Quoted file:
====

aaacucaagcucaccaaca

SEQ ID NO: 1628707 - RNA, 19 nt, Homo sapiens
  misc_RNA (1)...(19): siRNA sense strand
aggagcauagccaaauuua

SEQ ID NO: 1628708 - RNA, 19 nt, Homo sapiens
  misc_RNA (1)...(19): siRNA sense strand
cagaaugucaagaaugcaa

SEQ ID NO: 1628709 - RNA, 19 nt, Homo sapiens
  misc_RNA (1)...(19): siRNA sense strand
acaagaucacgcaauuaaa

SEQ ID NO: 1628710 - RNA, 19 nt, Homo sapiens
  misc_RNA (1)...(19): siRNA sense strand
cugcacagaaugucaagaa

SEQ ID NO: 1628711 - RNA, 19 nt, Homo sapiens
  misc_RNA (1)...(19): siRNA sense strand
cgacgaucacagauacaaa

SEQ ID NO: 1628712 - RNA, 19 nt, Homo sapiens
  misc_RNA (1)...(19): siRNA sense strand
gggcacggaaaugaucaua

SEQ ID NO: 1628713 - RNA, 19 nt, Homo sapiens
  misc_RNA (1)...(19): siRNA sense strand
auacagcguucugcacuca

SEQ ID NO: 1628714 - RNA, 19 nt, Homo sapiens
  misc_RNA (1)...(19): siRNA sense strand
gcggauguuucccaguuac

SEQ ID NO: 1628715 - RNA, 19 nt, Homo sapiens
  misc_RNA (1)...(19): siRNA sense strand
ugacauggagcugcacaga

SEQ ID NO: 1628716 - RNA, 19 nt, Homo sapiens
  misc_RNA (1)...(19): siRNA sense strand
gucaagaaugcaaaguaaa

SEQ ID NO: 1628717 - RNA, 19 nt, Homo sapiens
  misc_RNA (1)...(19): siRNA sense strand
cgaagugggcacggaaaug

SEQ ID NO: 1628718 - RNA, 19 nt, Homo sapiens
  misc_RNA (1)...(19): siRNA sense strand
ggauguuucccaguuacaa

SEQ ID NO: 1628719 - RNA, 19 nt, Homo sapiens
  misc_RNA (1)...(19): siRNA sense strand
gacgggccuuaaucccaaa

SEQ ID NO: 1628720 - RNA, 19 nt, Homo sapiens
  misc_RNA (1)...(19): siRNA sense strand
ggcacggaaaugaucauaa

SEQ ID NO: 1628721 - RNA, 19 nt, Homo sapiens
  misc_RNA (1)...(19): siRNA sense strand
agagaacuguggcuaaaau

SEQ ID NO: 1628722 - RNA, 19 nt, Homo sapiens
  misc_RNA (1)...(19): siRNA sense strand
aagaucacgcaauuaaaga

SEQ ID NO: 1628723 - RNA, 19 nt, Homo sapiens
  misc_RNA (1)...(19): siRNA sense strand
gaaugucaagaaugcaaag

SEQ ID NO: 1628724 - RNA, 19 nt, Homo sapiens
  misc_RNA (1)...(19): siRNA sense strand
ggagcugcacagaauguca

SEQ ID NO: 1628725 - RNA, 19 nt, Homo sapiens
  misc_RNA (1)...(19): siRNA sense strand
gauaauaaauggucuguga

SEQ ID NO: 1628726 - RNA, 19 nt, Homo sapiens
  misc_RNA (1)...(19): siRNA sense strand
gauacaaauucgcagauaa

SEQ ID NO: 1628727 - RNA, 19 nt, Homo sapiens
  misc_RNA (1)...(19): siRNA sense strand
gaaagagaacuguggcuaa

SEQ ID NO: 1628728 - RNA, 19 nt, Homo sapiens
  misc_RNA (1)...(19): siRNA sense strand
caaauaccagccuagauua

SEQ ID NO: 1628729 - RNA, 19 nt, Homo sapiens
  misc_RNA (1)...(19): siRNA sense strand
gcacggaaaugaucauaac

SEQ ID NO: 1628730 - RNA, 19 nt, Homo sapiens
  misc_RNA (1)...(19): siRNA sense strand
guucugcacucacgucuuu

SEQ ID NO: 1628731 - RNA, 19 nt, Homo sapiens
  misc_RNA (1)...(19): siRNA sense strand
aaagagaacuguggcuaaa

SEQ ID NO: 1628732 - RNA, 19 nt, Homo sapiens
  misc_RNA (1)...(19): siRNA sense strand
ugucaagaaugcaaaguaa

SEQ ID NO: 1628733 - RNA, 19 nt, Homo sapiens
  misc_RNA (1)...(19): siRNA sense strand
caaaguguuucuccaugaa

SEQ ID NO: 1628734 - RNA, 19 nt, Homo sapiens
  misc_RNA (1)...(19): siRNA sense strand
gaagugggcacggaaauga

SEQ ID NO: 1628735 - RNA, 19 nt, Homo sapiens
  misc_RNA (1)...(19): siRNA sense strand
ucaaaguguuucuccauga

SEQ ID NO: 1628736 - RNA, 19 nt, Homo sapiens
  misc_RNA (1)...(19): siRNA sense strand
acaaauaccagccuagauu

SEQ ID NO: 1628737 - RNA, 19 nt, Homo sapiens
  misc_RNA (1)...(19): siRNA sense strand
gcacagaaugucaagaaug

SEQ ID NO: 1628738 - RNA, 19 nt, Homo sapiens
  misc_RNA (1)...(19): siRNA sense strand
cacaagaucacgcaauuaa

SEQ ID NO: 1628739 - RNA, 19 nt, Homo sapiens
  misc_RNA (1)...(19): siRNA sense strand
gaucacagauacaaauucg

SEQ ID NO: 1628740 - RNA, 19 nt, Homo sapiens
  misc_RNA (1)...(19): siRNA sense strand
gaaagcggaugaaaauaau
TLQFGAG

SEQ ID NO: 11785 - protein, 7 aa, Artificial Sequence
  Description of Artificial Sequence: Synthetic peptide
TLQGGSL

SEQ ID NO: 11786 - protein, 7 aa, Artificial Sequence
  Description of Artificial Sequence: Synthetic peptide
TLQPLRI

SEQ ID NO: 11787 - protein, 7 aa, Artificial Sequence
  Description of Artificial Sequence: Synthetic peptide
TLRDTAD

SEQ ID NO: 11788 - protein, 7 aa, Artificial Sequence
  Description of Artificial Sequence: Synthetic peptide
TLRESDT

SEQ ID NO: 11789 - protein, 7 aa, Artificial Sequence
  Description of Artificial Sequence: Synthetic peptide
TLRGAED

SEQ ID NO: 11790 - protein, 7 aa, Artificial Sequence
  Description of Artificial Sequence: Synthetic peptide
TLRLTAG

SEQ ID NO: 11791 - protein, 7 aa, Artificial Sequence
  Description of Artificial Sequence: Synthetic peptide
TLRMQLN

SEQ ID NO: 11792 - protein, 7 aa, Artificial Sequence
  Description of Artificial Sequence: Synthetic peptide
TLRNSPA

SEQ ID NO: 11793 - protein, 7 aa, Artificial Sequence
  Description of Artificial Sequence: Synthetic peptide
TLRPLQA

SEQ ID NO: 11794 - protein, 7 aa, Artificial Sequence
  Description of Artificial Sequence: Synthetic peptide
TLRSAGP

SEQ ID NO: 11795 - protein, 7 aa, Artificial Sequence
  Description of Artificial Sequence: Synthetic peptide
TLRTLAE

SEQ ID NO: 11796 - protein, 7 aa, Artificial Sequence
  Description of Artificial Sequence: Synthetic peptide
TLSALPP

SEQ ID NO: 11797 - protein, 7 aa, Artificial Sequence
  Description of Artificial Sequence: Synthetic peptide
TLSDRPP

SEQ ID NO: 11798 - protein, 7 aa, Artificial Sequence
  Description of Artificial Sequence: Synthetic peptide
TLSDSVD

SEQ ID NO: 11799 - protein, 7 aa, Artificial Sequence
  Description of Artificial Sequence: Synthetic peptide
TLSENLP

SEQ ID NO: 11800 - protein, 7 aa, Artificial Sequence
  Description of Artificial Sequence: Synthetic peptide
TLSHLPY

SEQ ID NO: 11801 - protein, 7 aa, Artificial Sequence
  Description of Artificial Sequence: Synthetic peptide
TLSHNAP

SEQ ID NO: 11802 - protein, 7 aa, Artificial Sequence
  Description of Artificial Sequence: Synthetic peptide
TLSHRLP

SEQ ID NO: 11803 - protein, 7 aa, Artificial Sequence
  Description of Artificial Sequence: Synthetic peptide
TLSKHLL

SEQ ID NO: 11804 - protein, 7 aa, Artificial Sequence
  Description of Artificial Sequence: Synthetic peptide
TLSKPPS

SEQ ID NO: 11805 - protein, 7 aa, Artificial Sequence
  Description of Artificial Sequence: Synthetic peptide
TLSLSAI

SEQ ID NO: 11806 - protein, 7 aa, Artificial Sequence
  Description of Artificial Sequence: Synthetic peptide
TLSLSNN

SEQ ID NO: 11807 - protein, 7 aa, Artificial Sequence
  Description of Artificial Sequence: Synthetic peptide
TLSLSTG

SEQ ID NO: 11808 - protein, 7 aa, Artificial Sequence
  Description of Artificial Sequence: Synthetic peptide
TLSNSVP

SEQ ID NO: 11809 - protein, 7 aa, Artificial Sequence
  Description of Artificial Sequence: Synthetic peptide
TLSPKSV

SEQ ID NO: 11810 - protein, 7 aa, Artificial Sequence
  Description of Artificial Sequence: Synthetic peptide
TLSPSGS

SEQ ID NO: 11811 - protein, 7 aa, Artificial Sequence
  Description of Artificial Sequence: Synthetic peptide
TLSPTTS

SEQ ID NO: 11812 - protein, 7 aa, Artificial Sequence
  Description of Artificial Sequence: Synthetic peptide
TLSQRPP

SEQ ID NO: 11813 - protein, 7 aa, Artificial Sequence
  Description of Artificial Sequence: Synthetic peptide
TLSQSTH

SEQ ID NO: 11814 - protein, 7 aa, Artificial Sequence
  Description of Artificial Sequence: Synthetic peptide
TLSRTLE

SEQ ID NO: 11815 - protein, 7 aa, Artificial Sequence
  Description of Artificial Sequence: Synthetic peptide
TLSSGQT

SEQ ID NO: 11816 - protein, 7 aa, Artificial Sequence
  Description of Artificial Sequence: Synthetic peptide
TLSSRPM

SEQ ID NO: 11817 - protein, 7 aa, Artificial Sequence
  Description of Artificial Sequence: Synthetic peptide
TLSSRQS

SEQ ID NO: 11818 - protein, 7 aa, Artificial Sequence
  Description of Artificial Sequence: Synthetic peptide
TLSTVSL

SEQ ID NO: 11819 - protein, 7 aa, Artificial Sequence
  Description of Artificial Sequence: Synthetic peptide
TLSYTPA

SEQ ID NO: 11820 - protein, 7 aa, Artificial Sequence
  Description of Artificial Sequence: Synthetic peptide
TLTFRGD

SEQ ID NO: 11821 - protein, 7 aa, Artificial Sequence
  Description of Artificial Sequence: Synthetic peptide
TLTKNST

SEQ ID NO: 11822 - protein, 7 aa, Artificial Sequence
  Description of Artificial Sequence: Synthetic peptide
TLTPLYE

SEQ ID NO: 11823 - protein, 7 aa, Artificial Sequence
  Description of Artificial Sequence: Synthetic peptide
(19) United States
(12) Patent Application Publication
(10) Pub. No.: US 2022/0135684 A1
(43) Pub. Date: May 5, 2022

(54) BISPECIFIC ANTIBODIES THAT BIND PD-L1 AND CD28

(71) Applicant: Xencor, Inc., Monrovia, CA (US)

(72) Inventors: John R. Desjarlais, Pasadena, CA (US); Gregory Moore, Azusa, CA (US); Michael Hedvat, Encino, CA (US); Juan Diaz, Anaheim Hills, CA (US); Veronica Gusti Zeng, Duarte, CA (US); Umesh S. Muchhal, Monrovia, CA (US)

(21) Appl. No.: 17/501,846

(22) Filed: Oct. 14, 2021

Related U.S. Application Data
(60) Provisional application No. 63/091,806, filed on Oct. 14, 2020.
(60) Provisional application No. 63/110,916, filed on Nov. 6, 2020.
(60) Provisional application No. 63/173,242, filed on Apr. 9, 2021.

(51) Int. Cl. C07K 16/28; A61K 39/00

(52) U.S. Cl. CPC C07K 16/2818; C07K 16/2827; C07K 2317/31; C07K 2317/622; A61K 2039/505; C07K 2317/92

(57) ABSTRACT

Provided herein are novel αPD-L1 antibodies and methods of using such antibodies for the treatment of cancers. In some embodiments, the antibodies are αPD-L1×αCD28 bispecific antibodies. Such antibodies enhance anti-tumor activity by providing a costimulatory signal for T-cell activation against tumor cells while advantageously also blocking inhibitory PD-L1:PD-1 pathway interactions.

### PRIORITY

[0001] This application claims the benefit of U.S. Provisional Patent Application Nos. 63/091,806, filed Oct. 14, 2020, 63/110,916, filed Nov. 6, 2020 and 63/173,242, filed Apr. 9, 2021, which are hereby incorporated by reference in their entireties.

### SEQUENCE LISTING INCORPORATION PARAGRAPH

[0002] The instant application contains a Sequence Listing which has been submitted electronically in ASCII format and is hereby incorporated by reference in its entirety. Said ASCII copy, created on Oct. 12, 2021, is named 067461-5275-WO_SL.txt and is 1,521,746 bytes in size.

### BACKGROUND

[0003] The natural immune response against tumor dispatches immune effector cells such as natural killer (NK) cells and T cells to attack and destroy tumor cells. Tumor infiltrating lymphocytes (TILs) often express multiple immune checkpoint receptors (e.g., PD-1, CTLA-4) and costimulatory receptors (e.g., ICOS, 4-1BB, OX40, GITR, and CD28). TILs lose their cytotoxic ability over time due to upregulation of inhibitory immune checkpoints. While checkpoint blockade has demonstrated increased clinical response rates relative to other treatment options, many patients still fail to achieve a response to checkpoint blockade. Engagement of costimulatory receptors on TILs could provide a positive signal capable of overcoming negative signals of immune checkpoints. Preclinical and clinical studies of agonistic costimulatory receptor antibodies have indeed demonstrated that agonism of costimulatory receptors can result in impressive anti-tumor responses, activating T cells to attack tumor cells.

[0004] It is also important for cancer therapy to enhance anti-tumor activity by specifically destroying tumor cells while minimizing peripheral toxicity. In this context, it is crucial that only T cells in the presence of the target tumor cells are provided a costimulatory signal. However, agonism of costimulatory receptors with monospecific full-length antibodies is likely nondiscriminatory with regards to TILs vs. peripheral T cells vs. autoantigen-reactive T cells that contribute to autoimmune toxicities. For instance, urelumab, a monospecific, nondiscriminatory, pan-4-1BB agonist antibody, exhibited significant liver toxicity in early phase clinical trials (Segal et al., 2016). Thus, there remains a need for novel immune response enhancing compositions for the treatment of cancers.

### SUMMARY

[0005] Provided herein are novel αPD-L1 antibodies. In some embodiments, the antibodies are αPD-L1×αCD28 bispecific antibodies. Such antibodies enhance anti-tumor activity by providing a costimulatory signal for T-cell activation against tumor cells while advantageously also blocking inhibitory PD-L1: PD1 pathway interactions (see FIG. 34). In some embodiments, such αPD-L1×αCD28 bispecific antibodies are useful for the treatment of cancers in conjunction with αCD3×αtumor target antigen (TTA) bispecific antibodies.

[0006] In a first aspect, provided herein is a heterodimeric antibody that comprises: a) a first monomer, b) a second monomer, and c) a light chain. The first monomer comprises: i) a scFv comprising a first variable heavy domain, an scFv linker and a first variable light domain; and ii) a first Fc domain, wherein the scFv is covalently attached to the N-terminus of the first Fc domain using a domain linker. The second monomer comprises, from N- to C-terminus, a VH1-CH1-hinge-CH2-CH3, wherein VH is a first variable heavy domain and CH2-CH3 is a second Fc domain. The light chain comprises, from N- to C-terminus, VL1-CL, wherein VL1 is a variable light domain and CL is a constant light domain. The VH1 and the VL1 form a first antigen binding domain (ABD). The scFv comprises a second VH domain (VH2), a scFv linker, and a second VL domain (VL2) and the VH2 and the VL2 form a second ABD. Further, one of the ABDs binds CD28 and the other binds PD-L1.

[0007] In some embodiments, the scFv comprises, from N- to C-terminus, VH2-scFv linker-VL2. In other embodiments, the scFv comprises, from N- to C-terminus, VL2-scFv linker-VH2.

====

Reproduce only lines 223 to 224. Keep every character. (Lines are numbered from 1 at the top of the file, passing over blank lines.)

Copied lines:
(10) Pub. No.: US 2022/0135684 A1
(43) Pub. Date: May 5, 2022